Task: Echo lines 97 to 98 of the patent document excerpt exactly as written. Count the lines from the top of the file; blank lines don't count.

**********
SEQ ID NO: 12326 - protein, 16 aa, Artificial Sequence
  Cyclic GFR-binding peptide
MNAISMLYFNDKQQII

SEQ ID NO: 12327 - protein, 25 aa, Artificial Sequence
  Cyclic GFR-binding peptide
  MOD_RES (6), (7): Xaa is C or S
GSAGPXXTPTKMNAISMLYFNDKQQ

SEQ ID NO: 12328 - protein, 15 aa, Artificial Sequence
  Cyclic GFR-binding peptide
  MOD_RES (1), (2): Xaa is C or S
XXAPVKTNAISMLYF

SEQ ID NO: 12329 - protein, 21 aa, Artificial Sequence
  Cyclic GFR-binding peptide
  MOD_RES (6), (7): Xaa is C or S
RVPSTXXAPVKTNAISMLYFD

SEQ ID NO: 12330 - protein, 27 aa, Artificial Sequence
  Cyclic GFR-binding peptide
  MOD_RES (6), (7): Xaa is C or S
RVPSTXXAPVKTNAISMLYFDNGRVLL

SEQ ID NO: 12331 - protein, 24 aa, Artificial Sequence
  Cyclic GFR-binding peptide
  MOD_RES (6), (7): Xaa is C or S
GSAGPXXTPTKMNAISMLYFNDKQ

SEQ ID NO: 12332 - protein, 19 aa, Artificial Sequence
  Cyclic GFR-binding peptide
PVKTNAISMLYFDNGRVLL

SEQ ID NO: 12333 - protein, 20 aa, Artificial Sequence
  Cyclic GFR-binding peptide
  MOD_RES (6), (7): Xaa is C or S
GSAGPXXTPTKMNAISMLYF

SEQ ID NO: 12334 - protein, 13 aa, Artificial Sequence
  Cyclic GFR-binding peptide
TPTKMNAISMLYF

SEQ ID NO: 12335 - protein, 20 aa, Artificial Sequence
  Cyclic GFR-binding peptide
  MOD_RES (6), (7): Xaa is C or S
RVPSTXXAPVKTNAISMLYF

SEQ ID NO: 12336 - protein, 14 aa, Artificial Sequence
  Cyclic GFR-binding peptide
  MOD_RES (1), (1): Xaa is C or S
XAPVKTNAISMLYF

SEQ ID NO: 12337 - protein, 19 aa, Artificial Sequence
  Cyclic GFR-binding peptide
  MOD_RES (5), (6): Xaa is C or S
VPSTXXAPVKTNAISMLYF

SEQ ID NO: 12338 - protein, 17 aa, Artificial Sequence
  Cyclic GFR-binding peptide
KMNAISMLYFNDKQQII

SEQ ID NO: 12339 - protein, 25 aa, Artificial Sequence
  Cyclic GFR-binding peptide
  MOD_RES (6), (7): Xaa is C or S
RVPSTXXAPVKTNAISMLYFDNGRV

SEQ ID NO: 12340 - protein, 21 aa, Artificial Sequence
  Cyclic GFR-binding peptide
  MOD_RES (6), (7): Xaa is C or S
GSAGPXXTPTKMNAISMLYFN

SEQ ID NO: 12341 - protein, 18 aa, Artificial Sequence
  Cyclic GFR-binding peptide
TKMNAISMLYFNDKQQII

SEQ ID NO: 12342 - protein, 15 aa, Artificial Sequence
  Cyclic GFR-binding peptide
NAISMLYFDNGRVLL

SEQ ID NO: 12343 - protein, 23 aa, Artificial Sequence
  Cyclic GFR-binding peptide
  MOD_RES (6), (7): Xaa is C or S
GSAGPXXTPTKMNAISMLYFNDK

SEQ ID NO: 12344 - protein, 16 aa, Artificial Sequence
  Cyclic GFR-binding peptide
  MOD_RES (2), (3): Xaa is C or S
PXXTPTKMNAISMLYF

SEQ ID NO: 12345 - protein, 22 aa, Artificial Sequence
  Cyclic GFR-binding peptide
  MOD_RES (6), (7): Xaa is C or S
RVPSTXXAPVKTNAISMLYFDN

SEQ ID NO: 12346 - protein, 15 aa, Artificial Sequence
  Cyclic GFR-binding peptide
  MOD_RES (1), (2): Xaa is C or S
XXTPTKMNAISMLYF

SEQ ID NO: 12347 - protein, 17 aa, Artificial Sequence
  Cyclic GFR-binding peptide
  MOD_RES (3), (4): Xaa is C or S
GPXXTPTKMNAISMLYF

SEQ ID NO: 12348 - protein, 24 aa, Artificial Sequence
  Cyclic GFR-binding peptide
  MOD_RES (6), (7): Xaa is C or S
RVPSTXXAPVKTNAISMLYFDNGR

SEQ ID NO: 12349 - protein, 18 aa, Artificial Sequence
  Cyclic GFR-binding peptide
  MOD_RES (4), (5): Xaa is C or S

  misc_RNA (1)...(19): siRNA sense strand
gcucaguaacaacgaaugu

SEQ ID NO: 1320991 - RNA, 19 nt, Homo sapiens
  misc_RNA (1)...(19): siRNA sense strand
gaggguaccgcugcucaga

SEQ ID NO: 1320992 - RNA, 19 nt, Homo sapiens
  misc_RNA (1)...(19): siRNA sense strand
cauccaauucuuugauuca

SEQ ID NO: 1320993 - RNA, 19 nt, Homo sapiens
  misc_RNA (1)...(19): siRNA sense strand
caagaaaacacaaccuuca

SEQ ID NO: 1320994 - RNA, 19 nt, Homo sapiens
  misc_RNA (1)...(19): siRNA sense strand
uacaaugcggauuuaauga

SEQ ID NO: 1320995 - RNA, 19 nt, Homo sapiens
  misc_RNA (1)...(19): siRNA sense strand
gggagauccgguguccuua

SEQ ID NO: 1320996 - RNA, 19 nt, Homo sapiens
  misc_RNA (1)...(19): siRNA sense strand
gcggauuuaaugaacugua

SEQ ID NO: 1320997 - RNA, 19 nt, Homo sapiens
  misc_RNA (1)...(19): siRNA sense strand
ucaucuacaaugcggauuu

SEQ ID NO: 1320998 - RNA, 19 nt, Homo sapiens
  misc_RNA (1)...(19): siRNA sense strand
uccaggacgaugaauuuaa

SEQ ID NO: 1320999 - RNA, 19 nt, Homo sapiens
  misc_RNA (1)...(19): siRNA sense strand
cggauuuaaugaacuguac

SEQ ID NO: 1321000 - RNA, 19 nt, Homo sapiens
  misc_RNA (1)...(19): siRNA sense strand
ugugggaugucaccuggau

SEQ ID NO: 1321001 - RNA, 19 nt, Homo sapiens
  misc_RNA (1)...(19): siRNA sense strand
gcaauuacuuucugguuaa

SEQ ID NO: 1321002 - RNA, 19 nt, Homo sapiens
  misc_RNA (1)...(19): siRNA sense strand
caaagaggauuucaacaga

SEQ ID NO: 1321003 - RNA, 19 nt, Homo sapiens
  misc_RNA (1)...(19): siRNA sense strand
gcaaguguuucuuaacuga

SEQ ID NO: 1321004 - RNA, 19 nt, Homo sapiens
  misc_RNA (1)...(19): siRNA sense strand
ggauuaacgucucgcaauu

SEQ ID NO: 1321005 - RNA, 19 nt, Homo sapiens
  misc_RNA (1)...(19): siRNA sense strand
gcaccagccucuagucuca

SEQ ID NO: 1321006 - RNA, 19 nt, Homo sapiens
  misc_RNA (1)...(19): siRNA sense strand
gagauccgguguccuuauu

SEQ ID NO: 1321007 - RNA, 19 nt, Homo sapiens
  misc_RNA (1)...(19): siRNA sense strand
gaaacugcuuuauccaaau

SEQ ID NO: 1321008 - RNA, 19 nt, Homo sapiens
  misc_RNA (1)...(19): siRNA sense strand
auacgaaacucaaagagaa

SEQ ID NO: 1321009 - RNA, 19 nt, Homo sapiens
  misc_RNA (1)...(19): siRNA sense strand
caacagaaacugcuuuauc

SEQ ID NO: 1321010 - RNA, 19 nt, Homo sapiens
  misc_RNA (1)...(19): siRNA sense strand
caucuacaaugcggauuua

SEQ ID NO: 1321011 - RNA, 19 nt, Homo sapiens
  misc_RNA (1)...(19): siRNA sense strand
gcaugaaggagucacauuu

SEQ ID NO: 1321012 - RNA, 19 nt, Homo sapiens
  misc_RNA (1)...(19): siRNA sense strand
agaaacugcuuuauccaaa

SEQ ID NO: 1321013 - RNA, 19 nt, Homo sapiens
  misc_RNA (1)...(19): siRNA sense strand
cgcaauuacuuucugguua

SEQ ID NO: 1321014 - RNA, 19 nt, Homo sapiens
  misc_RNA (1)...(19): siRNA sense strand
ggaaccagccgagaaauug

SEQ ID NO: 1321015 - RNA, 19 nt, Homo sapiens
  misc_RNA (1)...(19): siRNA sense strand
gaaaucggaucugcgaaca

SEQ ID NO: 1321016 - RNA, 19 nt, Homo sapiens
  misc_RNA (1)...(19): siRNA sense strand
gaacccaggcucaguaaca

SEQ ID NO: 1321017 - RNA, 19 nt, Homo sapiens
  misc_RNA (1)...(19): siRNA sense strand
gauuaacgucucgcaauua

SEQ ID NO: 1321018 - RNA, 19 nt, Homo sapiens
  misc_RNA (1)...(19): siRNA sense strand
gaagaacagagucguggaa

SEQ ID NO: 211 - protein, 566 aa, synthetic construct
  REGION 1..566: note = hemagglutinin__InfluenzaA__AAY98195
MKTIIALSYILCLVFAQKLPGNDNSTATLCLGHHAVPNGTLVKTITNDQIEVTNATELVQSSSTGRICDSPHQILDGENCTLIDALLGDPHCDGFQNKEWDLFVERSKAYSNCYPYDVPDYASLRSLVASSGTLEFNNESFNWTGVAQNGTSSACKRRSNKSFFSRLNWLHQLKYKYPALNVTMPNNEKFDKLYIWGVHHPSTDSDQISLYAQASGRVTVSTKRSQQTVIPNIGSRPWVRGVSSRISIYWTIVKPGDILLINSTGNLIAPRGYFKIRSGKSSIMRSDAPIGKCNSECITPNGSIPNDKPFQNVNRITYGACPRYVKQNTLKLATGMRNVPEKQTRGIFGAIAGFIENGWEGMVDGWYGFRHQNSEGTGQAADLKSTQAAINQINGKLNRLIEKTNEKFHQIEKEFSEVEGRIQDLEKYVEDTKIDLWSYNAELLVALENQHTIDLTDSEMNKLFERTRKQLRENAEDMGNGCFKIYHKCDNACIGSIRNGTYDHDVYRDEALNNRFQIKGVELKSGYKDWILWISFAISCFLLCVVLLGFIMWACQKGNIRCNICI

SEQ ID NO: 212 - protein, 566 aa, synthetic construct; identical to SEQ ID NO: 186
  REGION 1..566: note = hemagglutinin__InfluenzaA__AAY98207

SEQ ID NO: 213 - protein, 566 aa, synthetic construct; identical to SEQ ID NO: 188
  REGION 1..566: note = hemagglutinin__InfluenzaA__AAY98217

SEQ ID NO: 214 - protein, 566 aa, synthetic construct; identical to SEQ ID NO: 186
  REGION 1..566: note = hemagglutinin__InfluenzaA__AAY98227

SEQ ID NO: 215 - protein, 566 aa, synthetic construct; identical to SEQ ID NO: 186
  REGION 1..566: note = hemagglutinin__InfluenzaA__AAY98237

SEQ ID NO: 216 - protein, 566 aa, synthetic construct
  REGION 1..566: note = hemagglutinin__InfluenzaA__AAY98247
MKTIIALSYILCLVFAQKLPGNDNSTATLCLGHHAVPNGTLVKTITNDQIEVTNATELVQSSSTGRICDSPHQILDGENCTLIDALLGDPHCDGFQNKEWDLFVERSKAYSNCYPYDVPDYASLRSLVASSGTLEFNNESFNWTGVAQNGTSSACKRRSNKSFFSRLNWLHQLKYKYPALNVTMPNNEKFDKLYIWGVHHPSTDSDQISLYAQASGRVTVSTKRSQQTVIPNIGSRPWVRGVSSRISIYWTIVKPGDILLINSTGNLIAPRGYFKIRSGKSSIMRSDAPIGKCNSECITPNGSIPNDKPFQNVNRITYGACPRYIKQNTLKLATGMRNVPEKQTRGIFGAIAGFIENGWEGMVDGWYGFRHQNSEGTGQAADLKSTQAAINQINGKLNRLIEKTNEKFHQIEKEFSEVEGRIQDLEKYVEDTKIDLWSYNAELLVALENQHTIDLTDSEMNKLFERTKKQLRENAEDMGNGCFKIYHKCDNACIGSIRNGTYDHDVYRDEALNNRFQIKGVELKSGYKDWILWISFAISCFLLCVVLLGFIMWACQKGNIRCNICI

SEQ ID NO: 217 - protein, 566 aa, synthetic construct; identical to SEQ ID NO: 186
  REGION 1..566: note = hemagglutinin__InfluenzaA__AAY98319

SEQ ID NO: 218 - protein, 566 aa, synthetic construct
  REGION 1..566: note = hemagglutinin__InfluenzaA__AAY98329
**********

cauccaauucuuugauuca

SEQ ID NO: 1320993 - RNA, 19 nt, Homo sapiens